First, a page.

Colbert Low, one of the earliest Bitcoin user in Malaysia, and also the founder BitcoinMalaysia.com, shared about this digital currency and how it may affect the way you keep your money online.
Bitcoin is a protocol. Some people call it magic Internet money, some call it e-cash, but what it is, is a global payment system. It’s the best of both worlds.
People nowadays like digital stuff like digital books, digital walls, and like Bitcoins, digital cash. Everything is digital because people don’t like to wait nowadays.
Imagine going out for lunch and you decided to split the bill between ten friends. One of these friends would say, “Oh, I have a RM 100. How many of you will split it?” If you have Bitcoins on our phone, you simply have to scan a QR code and instantly pay your friend back. It’s borderless and it’s much faster because it confirms in a few minutes.
An example of Bitcoin as a global payment system is, for example, sending money to your friend in, say, South America. It’s pretty easy. Go online to a website, send some Bitcoins, and receive confirmation in about one or two minutes. Compare this to going to Maybank, for instance, a TT will take about 24 to 48 hours to clear.
Bitcoin is said to be created by someone named Satoshi Nakamoto. Some people say he’s British, some say he’s Japanese – no one’s really sure. Some people even say he’s an alien.
Bitcoins are decentralized and are peer-to-peer. I’m sure normal people are put off by these terms, but techies love them. What do these words mean?
Bitcoins are Decentralized
Bitcoins are decentralized meaning, in contrast to Paypal or Western Union, Bitcoin servers are all around the world. We call these servers “Bitcoin nodes.” Anyone can install a Bitcoin Node. I can even install it on my RM 1000 laptop – Dell, or HP, or whatever and turn it in to a Bitcoin Node. These nodes are used specifically to confirm transactions and make sure that there are no fake transactions running in the system.
So, unlike Paypal, there is no central server, which makes it a really secure system. If you’re a tech guy you know that central servers can get DOS attacks, for example. This can cause you to go offline and lose business in a snap.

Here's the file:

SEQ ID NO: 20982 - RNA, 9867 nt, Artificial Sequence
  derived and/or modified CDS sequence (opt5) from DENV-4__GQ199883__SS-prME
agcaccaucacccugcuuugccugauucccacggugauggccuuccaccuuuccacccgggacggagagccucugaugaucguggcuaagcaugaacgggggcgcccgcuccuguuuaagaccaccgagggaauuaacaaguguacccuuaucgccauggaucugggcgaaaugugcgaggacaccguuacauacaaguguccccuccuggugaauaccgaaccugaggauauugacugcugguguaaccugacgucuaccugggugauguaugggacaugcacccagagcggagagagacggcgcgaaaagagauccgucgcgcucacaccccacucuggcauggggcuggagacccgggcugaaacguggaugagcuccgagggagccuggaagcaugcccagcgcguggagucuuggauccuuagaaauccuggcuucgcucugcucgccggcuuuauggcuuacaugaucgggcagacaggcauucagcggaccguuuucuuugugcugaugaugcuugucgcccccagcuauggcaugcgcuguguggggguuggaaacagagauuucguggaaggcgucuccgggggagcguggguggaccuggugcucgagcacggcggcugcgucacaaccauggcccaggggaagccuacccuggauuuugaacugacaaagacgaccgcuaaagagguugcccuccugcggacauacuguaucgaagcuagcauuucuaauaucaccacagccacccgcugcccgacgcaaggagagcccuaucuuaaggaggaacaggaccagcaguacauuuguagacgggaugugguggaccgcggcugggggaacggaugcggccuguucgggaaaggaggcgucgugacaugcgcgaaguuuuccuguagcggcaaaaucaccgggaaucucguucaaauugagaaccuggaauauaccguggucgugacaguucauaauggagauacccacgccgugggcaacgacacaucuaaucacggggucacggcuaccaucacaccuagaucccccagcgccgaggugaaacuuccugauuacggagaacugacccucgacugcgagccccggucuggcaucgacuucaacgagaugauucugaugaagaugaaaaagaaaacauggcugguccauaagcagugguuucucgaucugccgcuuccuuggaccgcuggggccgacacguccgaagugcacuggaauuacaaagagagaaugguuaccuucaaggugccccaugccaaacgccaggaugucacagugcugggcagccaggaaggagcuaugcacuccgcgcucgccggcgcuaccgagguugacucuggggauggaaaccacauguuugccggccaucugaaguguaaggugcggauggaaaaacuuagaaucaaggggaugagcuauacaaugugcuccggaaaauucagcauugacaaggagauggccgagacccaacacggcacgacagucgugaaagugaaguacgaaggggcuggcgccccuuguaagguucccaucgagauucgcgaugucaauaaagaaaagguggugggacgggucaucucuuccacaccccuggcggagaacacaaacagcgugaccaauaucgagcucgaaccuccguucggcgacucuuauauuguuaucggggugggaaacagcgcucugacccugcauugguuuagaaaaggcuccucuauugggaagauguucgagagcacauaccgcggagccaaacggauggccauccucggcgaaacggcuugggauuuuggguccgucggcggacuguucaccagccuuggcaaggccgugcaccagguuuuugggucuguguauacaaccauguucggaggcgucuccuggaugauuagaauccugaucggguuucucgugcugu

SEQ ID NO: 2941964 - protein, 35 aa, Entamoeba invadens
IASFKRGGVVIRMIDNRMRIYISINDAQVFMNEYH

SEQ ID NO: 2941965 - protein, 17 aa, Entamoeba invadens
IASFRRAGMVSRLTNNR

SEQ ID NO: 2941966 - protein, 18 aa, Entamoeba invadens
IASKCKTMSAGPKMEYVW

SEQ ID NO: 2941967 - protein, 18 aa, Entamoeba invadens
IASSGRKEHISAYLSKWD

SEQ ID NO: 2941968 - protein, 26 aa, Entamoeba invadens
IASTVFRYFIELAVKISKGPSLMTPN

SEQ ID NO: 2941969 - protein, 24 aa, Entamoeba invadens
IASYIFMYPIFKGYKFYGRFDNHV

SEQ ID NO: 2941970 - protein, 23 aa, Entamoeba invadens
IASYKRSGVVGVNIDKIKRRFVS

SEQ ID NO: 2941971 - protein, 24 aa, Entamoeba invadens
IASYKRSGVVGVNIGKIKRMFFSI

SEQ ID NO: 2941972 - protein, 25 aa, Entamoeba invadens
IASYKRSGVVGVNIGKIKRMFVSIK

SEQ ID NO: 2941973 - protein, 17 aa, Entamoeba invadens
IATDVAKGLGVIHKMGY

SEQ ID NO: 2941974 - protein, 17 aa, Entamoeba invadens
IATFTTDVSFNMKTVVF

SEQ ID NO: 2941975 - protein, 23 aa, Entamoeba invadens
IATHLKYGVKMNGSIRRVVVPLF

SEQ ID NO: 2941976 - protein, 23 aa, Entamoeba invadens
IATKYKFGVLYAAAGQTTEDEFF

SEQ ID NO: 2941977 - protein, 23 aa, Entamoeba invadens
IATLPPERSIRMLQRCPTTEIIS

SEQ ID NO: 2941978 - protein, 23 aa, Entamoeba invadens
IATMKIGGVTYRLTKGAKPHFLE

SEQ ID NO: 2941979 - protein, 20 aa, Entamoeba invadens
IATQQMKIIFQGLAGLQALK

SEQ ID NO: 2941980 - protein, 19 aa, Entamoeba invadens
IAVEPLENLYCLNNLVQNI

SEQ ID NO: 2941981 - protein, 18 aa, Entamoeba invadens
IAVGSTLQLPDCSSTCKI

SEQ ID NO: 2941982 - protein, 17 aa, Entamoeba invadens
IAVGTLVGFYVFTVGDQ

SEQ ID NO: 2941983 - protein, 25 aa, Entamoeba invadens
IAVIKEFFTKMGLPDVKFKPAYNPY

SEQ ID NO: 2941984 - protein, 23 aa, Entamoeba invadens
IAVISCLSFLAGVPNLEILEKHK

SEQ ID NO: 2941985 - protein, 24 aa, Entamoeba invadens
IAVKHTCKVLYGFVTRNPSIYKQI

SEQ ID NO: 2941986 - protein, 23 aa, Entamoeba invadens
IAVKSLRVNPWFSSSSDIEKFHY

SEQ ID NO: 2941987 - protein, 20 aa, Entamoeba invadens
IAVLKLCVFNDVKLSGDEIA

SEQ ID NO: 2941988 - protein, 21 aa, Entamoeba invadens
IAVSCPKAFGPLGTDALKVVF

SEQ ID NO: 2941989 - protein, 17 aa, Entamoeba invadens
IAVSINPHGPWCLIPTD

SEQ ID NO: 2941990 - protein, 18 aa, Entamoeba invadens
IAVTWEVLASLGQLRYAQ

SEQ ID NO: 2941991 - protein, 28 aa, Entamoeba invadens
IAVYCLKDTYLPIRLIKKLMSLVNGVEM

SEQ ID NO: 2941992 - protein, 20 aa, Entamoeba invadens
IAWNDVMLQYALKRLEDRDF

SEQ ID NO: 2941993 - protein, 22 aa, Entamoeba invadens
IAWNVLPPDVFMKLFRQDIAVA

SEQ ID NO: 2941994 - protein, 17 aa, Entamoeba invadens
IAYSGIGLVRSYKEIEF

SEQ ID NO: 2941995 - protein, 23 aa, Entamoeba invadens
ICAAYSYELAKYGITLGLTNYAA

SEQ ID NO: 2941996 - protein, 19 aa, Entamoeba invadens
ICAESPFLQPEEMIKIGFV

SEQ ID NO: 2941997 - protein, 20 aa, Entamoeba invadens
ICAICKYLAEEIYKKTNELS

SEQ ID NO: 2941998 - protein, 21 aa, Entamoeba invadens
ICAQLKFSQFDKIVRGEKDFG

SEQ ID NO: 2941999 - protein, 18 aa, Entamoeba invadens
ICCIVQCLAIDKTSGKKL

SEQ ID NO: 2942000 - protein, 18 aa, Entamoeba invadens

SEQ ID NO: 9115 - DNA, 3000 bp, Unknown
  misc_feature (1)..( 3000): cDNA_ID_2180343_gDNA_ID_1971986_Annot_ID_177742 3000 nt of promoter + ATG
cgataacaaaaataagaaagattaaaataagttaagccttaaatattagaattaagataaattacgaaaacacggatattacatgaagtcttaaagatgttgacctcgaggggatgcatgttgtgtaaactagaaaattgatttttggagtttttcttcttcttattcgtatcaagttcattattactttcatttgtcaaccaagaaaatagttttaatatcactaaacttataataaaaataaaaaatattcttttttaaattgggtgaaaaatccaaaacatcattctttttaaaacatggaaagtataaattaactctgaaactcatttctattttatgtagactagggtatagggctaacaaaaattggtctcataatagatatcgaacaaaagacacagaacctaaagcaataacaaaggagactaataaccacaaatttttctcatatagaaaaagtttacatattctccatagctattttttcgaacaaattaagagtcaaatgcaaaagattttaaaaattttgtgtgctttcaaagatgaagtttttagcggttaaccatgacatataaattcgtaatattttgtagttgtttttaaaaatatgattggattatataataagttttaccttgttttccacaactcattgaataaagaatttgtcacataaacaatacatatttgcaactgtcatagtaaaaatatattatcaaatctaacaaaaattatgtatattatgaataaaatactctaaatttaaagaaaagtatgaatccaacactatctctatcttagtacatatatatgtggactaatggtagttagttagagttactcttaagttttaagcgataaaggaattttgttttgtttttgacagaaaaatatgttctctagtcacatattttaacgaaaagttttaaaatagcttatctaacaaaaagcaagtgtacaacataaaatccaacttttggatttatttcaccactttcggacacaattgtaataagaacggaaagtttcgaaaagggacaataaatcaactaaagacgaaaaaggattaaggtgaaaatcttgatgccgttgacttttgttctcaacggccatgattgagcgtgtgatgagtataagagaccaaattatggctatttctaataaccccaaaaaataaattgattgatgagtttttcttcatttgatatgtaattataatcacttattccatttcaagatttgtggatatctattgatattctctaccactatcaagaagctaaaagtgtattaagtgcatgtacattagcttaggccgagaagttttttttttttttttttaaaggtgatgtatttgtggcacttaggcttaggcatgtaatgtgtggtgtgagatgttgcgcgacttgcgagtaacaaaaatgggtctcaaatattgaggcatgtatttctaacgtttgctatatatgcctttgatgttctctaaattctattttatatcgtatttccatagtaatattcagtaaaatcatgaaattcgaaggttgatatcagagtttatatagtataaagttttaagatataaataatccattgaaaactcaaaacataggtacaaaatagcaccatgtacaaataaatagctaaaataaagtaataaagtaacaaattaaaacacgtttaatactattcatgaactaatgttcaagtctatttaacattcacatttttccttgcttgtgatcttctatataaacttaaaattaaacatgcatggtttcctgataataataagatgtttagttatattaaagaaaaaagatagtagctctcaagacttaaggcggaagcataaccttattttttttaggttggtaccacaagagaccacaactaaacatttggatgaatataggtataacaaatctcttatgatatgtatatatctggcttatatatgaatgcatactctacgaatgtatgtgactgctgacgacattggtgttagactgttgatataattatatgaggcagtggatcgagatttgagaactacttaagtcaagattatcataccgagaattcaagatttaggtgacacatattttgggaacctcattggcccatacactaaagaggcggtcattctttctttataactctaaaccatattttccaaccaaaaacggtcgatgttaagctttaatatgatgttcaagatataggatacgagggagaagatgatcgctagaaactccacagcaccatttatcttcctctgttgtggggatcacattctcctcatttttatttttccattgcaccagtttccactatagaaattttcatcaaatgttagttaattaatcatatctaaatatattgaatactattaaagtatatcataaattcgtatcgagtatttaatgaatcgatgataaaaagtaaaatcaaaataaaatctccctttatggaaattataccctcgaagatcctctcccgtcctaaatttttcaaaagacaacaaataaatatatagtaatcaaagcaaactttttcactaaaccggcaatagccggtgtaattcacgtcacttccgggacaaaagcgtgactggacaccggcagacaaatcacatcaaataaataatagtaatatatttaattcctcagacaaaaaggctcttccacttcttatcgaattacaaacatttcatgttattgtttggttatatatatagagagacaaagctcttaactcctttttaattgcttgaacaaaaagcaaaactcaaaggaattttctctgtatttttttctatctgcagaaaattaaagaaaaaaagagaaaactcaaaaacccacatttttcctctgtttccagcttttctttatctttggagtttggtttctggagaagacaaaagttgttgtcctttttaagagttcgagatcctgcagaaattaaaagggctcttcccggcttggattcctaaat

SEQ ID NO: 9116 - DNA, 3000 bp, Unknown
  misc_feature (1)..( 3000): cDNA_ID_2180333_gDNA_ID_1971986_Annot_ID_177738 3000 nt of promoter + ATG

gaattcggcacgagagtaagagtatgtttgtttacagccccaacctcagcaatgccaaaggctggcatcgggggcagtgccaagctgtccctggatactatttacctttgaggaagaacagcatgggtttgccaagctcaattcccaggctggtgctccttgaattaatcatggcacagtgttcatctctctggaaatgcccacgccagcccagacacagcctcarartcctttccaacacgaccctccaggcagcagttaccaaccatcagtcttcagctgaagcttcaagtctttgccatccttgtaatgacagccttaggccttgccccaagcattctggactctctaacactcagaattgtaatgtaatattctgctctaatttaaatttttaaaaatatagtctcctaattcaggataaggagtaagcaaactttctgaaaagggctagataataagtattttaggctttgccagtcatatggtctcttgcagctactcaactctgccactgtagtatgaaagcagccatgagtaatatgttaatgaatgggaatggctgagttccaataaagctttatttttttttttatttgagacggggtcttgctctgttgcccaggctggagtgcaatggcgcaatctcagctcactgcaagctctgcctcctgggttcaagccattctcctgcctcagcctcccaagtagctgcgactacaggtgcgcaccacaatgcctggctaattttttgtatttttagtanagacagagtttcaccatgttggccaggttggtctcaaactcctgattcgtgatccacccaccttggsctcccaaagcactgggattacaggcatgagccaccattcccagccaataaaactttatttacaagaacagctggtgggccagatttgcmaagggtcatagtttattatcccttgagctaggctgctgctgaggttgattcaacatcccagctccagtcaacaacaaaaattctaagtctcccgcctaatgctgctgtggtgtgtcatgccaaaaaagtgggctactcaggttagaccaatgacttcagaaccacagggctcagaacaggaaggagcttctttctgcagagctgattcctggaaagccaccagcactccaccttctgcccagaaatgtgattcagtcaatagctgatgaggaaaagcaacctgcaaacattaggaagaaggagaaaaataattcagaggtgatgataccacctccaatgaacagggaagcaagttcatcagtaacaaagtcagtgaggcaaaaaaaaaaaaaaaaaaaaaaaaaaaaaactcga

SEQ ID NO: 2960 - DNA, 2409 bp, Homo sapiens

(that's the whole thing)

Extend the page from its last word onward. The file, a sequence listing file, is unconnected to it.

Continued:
If you go to http://getaddr.bitnodes.io you can see all the nodes around the world. I think there is currently about 100 thousand nodes around the world.
Supply of Bitcoin
Let’s talk about Bitcoin and the supply of Bitcoin. You can, theoretically, reach a supply of 21 million Bitcoins. So, if you compare it to, let’s say, U.S. dollar or traditional currencies, they are not backed by gold. They came off of the system in the 70’s. This means that they can print as much money as they want.
With Bitcoin, there’s a limited supply of about 21 million. So, think of it as gold which is also limited in amount. Being limited, therefore, the value for each Bitcoin will rise and go higher on a yearly basis.
Bitcoin is a micro-currency
The great thing about Bitcoin is that it’s a micro-currency which you can divide in to eight decimals. So, say, you have one Bitcoin. You can divide this and add two more zeroes after the dot (.001). That is called a millibitcoin.
Say you divide the Bitcoin and add five zeroes. That becomes a microbitcoin. The smallest unit of Bitcoin is called a Satoshi. I don’t know why someone would call it Satoshi, but it sounds cool, I guess.
So, imagine, say, one Bitcoin is worth, for example, RM 1 million. Say you have some on your phone – how are you going to send it to our friend? You’re not going to send $1 million are you? What you do is you divide it.
Let’s say, I want to pay my friend RM 1. I just send him, maybe 0.000001 Bitcoin if the price is RM 1 million for one Bitcoin – currently, the price is about RM 400 (at the time Colbert shared about Bitcoin during the webinar in August 2013, the price is around RM400. But in December when this article is published, the price is around RM4000 = 10 times!). Your software or application can do a special calculation to send just RM 1.
Low Transaction Fee
One good thing about Bitcoin is the network fees/transaction fees. If you use Western Union, or Moneygram, or Maybank to do a TT the charges could be quite high. It could be RM 10, RM 20, or even 1%.
I have a friend in Canada who has a lumber business – timber. He sells to different people around the world. Sometimes, the bank will charge crazy fees like 1%. So, let’s say he supposedly gets $1 million in his account. The bank will charge 1%. That’s like $10,000 just for one transaction of selling/trading a ton of lumber. It’s pretty crazy. That’s the traditional payment system.
For Premium Webinar Members, you can watch the full explanation about Bitcoin, and how you can buy, sell and profit from it here: